Congratulations! You have accomplished the most challenging part of running a marathon…the training! Through this training journey, not only are you both mentally and physically tougher, but you also most likely have a better sense of how to “fuel” your running machine. Now that the bulk of your work is over, and running has significantly decreased, you might be wondering how your nutritional game plan should also be adjusted. It is possible while the milage has tapered, your appetite has not! You might be asking yourself questions like: Should you be downing Gatorade days before the race? Eating pasta for breakfast, lunch, and dinner? To help you nutritionally navigate the week before race day, check out these tips: 1. Train less. Eat less. To avoid race day weight gain, your overall calorie intake should be less than what it was while in peak training. If your appetite is still in high gear, eat often so your brain knows those calories will be coming in on a regular basis, increase your vegetable intake (see FIBER section below), and increase healthy, filling fats such as carrots dunked in guacamole and nuts and fruit for snacks. 2. Create Your Two-Day Game Plan Two to three days before the marathon , think ahead about the following dietary considerations: FLUIDS : Fluid intake should be similar to what you have practiced during training. Significantly increasing your fluids 1-2 days before the event could possibly lead to over hydration and consequently low levels of sodium and other electrolytes. Adequate hydration is characterized by pale yellow colored urine, and bathroom visits every 2-3 hours. There is no need to “load” up on fluids. FIBER: While a high-fiber diet is recommended for general good health, it is not ideal for you 2-3 days before the race (or runners behind you). Avoid high fiber foods such as beans, cruciferous vegetables such as broccoli, cabbage, and Brussels sprouts, high-fiber cereals such as Kashi or bran flakes. Other foods like might be problematic include spicy foods, high-fat foods, chocolate, etc. You know your body best. Eliminate those foods 3 days before the race.CARBS : Carbohydrate loading is a way of eating to load the muscles and liver with stored carbohydrate and extend endurance performance in events of 90 minutes or longer. While studies have proven that carbohydrate loading can work, it might not be the optimal practice for you if you have not tried it during regular training. Potential drawbacks of carb loading is a feeling of “heaviness” due to water weight associated with carb intake and an increased risk of GI distress i.e.: extra porta potty visits. The latest protocol for carbohydrate loading is to consume 10-12 grams of carbohydrate per kilogram of body weight (i.e.: 150 pound individual would have to consume 680 grams of CHO) 2-3 days prior to race day. For example, if race day was Sunday, carb consumption should be 680 grams on both Friday and Saturday. Studies have also shown that carb loading can be accomplished on days 4 or 5 prior to the event (i.e.: Wednesday and Thursday) with “normal” carb consumption on days Friday and Saturday before the race. This could relieve some of the “heaviness” associated with carb loading. For a thorough summary of carb loading: read here . Whether you chose to load or not, I do recommend increasing carb intake 2 days prior to race day. Here is an example of how to do this: Breakfast: Peanut butter sandwich with an egg (ADD BANANA) Snacks: Nuts (ADD A PIECE OF FRUIT) Lunch: Turkey sub with carrots and apple (ADD A SPORTS DRINK) Dinner: Chicken and rice with zucchini (ADD 1/2 A CUP MORE OF RICE TO DINNER) Spreading your carb intake throughout the day versus piling on the pasta the night before ensures a more settled stomach on race day morning. 3. Have NEOPHOBIA : A runner should have neophobia (fear of new things) leading up to marathon day, and this includes foods! Stick with the tried and true meals you have eaten during training. If you are traveling to a race, think about bringing foods from home. Another unforeseen hiccup is the marathon expo! With hundreds of bite-sized samples of gels, bars, drinks, waffles, and jelly beans, you might be tempted to try out the latest and greatest sports supplement only to find out the dozens of samplings you tried created a perfect recipe for an upset stomach. 4. Plan Out Your RACE DAY FUEL: Race day fuel (most likely breakfast) should once again be a tried and true meal that you have eaten before long training runs. If possible, it is helpful to eat a carbohydrate-rich meal 3 hours before the race. A 3-hour window allows for optimal fuel utilization, and minimizes potential GI distress. This practice is also important for nervous nelly runners like myself to get the food down without causing nerve-related stomach issues. In addition to solids, you should also consume 16-24 ounces of fluids two to three hours before the race. I recommend using a sports drink as a way to combine both carbs, fluids and sodium. Ten to fifteen minutes prior to the start, top off your fluids with 6-8 additional ounces of a sports drink. CONGRATS! You have come so far, now keep up the dedication and think through your nutritional game plan with wise food choices! You will be both physically and mentally ready for each 26.2 mile!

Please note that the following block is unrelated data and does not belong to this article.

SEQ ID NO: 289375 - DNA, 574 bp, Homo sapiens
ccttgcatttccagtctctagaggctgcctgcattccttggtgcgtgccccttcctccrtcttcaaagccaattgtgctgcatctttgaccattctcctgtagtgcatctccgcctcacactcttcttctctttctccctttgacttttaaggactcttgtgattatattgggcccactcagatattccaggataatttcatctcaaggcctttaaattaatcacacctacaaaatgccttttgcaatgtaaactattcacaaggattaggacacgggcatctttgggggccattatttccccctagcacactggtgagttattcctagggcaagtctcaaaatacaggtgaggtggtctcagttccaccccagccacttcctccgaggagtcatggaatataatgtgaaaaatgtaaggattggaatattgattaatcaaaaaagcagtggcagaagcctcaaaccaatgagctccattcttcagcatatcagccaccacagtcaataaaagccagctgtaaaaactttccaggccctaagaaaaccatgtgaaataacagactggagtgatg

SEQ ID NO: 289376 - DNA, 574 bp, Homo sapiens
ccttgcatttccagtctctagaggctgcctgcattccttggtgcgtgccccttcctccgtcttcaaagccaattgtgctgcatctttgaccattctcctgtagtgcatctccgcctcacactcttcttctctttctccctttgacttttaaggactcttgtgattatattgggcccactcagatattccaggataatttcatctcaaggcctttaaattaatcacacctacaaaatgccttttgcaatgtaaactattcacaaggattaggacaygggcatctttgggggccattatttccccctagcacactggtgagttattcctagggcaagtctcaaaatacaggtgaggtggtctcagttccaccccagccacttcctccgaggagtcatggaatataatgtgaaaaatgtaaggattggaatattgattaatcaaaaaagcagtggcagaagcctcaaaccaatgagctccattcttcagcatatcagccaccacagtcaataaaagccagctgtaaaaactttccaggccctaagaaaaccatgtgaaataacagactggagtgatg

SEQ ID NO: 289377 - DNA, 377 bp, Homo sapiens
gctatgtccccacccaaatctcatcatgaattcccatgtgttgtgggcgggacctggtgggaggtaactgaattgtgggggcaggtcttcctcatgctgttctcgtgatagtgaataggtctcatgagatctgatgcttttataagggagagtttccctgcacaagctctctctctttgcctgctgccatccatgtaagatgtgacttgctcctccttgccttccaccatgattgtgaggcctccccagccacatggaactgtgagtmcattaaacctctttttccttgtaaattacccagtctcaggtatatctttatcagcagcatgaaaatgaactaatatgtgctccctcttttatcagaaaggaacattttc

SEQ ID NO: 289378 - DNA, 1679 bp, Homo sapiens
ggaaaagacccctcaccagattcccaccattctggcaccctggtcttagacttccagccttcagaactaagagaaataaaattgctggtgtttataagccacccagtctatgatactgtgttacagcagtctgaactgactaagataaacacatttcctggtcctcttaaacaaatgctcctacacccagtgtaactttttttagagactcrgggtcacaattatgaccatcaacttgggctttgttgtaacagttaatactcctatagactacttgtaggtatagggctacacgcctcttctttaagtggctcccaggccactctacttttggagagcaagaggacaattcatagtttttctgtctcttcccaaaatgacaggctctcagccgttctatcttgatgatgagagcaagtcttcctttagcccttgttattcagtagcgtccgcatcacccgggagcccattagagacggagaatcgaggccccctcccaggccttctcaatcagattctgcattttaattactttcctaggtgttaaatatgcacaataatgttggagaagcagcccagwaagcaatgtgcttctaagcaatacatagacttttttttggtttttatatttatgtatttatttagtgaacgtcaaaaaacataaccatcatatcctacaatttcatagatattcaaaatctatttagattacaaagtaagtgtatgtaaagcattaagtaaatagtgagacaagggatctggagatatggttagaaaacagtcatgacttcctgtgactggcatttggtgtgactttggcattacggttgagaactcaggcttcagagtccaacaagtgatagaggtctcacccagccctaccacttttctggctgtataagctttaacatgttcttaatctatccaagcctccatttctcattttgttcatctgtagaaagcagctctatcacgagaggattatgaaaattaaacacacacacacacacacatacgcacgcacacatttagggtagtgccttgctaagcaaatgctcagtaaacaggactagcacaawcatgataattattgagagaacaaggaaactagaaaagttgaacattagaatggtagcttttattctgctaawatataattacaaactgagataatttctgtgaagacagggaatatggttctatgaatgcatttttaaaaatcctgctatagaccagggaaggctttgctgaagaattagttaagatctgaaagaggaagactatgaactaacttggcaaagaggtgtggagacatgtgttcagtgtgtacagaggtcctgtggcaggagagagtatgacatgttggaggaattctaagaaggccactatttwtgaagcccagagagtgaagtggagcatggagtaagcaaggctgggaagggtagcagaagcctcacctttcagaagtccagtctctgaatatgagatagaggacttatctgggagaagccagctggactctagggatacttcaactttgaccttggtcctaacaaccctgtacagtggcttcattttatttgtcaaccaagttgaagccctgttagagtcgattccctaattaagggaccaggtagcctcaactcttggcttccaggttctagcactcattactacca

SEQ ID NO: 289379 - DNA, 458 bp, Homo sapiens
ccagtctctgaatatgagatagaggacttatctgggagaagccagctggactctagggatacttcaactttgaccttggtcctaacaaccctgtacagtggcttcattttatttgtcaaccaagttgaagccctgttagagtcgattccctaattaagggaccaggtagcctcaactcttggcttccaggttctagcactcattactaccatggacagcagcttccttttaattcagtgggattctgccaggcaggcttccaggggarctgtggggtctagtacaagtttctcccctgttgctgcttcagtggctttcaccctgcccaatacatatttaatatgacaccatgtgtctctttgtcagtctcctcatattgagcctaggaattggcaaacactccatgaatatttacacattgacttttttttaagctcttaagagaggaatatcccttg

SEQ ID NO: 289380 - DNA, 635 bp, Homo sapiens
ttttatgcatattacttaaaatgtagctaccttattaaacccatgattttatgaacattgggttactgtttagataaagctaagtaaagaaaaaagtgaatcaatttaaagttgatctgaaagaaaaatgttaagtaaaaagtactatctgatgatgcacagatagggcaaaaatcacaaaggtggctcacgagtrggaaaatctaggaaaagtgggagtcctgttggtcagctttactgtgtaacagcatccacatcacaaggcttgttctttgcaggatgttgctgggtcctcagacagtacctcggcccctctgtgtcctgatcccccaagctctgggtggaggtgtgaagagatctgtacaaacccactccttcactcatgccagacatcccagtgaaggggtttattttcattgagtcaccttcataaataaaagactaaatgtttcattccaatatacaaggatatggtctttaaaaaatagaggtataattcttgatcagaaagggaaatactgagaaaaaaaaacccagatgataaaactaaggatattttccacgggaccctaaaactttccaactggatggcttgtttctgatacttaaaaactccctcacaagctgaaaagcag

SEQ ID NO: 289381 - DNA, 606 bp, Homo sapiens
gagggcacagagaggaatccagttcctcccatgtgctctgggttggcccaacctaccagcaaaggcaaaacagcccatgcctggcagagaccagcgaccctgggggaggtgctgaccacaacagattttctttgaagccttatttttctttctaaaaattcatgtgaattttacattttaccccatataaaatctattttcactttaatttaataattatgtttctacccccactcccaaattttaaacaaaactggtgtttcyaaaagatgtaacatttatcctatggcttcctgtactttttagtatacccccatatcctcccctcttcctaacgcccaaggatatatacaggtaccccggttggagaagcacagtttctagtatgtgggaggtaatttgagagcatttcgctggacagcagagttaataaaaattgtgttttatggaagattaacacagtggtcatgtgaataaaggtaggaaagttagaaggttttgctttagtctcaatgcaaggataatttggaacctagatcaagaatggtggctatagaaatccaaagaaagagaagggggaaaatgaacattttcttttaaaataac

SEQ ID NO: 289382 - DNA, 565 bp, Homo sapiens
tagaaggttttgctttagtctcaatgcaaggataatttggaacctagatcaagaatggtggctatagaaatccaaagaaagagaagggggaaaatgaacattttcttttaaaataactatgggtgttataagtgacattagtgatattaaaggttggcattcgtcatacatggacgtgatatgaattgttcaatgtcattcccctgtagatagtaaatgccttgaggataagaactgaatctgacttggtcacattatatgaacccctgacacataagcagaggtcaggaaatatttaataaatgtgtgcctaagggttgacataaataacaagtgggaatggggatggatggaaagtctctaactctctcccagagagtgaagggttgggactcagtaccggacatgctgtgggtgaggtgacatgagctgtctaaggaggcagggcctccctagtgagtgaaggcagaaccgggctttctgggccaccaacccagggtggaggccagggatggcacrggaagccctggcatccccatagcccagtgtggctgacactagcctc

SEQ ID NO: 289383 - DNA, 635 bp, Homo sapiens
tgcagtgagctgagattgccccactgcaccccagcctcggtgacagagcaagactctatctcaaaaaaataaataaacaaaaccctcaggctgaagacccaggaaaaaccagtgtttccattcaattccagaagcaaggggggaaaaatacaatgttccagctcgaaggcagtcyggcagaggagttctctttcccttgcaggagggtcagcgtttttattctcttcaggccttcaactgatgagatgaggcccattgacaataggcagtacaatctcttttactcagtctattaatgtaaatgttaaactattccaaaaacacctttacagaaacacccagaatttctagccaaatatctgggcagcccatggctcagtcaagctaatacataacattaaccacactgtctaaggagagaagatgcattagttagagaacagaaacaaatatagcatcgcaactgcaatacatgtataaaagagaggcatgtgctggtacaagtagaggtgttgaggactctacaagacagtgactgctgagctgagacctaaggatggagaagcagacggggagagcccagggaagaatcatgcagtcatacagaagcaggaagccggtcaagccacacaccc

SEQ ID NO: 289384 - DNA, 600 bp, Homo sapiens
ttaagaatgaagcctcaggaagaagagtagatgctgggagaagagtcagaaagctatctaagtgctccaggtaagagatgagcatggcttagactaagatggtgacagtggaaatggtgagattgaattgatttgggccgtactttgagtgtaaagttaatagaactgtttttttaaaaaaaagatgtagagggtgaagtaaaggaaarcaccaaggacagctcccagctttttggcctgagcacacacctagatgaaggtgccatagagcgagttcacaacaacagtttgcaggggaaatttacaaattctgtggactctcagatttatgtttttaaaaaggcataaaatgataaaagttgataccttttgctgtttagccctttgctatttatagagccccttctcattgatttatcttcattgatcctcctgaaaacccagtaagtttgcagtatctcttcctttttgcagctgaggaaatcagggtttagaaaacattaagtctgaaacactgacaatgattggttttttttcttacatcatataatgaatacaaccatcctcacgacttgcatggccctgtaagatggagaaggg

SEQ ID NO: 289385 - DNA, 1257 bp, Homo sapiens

Jennifer McDaniel is a Registered Dietitian, Media Spokesperson, and co-author of Prevention's Mediterranean Table Cookbook. She and her team of Registered Dietitians aim to help their clients go further, make change last, and unlock their potential. She lives in St. Louis, MO with her husband, and three young sons. If you are interested in working with Jennifer, please visit our contact page.